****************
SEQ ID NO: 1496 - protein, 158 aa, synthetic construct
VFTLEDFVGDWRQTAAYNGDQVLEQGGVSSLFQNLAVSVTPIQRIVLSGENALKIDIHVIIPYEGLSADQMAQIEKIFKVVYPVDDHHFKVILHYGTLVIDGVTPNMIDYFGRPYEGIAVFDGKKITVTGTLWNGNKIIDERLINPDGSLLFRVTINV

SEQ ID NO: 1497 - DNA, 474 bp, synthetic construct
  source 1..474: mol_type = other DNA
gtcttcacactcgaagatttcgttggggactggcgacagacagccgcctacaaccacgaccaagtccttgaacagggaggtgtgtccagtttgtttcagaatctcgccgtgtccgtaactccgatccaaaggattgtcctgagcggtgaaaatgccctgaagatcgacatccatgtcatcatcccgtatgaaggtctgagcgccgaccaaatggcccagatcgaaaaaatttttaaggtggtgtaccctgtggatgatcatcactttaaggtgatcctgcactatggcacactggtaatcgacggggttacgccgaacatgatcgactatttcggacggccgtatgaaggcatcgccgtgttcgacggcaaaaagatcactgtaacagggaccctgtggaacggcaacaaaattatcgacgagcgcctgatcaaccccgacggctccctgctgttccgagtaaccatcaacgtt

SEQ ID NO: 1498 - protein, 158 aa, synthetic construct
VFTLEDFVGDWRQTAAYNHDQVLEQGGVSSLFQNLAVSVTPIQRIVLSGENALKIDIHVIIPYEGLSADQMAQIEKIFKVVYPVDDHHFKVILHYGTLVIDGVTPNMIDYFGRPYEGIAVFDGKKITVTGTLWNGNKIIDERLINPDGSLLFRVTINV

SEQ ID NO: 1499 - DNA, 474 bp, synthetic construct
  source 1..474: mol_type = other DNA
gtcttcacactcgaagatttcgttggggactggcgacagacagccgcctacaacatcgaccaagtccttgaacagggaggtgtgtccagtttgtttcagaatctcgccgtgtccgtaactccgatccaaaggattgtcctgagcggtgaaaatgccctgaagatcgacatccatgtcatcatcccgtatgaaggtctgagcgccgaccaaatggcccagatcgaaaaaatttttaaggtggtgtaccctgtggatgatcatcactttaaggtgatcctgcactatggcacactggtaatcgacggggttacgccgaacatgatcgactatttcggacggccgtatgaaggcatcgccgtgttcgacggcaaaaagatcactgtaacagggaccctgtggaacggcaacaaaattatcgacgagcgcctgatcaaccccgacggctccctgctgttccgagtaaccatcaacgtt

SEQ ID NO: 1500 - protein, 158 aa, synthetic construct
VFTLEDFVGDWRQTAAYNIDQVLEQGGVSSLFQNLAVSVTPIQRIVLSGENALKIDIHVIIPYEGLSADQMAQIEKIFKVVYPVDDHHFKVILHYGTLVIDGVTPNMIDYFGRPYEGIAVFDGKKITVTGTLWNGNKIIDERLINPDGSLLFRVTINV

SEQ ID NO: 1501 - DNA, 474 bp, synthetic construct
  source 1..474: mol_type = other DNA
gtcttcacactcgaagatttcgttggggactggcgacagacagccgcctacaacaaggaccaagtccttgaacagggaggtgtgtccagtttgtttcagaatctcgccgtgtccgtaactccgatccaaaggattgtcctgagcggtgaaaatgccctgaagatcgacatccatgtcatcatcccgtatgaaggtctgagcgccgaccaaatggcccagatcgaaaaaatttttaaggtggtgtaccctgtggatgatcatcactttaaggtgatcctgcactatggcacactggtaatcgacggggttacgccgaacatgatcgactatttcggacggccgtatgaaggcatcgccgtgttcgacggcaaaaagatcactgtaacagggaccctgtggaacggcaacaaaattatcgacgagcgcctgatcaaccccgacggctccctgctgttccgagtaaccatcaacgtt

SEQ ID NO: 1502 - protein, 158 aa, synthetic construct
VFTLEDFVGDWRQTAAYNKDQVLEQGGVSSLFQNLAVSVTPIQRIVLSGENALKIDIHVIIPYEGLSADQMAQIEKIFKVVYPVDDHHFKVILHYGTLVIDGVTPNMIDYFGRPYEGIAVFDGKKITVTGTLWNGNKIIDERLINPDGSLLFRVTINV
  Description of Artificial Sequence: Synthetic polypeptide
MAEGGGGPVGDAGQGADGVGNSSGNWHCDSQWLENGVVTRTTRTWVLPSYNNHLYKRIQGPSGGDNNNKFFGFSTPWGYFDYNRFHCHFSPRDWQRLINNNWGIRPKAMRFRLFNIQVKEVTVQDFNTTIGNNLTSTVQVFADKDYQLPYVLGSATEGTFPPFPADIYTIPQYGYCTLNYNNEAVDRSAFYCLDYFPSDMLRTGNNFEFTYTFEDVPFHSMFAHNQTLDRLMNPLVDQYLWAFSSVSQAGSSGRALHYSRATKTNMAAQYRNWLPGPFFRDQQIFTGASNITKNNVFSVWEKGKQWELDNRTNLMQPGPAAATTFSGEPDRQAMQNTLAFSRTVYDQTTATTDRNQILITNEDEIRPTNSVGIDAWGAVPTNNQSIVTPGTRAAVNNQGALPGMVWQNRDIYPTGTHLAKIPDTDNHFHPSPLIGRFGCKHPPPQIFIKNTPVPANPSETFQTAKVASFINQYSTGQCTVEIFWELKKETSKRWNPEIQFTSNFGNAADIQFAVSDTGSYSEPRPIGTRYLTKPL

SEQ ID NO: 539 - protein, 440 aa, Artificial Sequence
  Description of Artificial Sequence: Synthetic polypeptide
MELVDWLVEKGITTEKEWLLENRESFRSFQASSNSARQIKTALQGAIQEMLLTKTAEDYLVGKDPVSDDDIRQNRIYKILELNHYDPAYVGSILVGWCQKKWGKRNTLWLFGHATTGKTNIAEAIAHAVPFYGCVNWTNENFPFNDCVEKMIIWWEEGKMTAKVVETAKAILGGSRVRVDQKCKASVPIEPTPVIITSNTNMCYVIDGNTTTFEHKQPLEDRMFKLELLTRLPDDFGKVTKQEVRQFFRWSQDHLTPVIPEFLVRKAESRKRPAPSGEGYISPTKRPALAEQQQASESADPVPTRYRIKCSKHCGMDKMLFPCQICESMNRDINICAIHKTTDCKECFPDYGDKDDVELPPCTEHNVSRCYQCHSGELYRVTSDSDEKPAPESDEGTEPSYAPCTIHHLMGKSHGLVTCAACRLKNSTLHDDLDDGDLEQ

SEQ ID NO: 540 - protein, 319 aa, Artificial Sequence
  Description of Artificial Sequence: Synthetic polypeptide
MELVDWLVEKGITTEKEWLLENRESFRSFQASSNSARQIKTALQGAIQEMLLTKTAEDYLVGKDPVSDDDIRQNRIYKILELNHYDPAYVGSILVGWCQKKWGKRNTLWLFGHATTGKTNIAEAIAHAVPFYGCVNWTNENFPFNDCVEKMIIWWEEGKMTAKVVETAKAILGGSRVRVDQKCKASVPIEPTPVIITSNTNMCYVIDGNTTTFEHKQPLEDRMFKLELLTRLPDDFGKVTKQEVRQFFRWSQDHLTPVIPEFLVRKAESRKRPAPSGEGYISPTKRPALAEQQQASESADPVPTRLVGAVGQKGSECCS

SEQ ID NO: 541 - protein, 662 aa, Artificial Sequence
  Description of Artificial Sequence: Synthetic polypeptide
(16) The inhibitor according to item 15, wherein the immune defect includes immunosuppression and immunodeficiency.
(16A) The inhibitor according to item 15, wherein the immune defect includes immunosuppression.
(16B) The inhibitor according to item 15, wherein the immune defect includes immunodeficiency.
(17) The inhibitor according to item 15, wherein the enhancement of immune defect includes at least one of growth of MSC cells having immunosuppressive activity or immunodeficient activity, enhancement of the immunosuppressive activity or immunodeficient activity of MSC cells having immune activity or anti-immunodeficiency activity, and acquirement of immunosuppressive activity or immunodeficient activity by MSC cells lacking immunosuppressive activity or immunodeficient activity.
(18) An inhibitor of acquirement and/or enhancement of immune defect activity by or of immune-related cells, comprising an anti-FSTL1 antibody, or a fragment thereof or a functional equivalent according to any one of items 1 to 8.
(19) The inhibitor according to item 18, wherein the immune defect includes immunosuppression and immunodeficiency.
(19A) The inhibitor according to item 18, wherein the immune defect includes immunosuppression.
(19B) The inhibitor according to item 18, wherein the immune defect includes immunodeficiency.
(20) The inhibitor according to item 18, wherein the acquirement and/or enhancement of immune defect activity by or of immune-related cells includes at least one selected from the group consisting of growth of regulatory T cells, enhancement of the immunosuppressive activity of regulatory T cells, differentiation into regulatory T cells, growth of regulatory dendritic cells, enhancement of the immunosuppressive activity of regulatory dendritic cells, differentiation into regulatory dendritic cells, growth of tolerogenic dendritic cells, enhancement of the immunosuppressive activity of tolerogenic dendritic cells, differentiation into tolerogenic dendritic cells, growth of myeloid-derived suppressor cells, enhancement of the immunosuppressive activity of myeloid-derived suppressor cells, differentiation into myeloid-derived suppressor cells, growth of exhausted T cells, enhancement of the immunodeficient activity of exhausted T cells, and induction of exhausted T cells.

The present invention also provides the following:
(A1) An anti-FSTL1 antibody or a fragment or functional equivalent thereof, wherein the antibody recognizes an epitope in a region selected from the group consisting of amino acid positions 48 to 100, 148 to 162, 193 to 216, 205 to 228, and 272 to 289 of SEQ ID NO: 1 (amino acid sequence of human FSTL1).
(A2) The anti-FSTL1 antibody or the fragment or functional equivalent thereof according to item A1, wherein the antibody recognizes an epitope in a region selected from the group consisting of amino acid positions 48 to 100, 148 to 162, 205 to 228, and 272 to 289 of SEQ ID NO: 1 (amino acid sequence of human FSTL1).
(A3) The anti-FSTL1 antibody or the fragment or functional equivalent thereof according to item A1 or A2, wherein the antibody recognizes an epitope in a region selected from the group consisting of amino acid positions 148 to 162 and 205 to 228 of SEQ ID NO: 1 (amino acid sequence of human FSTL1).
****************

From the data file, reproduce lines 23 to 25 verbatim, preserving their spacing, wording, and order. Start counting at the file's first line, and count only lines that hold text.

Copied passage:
SEQ ID NO: 540 - protein, 319 aa, Artificial Sequence
  Description of Artificial Sequence: Synthetic polypeptide
MELVDWLVEKGITTEKEWLLENRESFRSFQASSNSARQIKTALQGAIQEMLLTKTAEDYLVGKDPVSDDDIRQNRIYKILELNHYDPAYVGSILVGWCQKKWGKRNTLWLFGHATTGKTNIAEAIAHAVPFYGCVNWTNENFPFNDCVEKMIIWWEEGKMTAKVVETAKAILGGSRVRVDQKCKASVPIEPTPVIITSNTNMCYVIDGNTTTFEHKQPLEDRMFKLELLTRLPDDFGKVTKQEVRQFFRWSQDHLTPVIPEFLVRKAESRKRPAPSGEGYISPTKRPALAEQQQASESADPVPTRLVGAVGQKGSECCS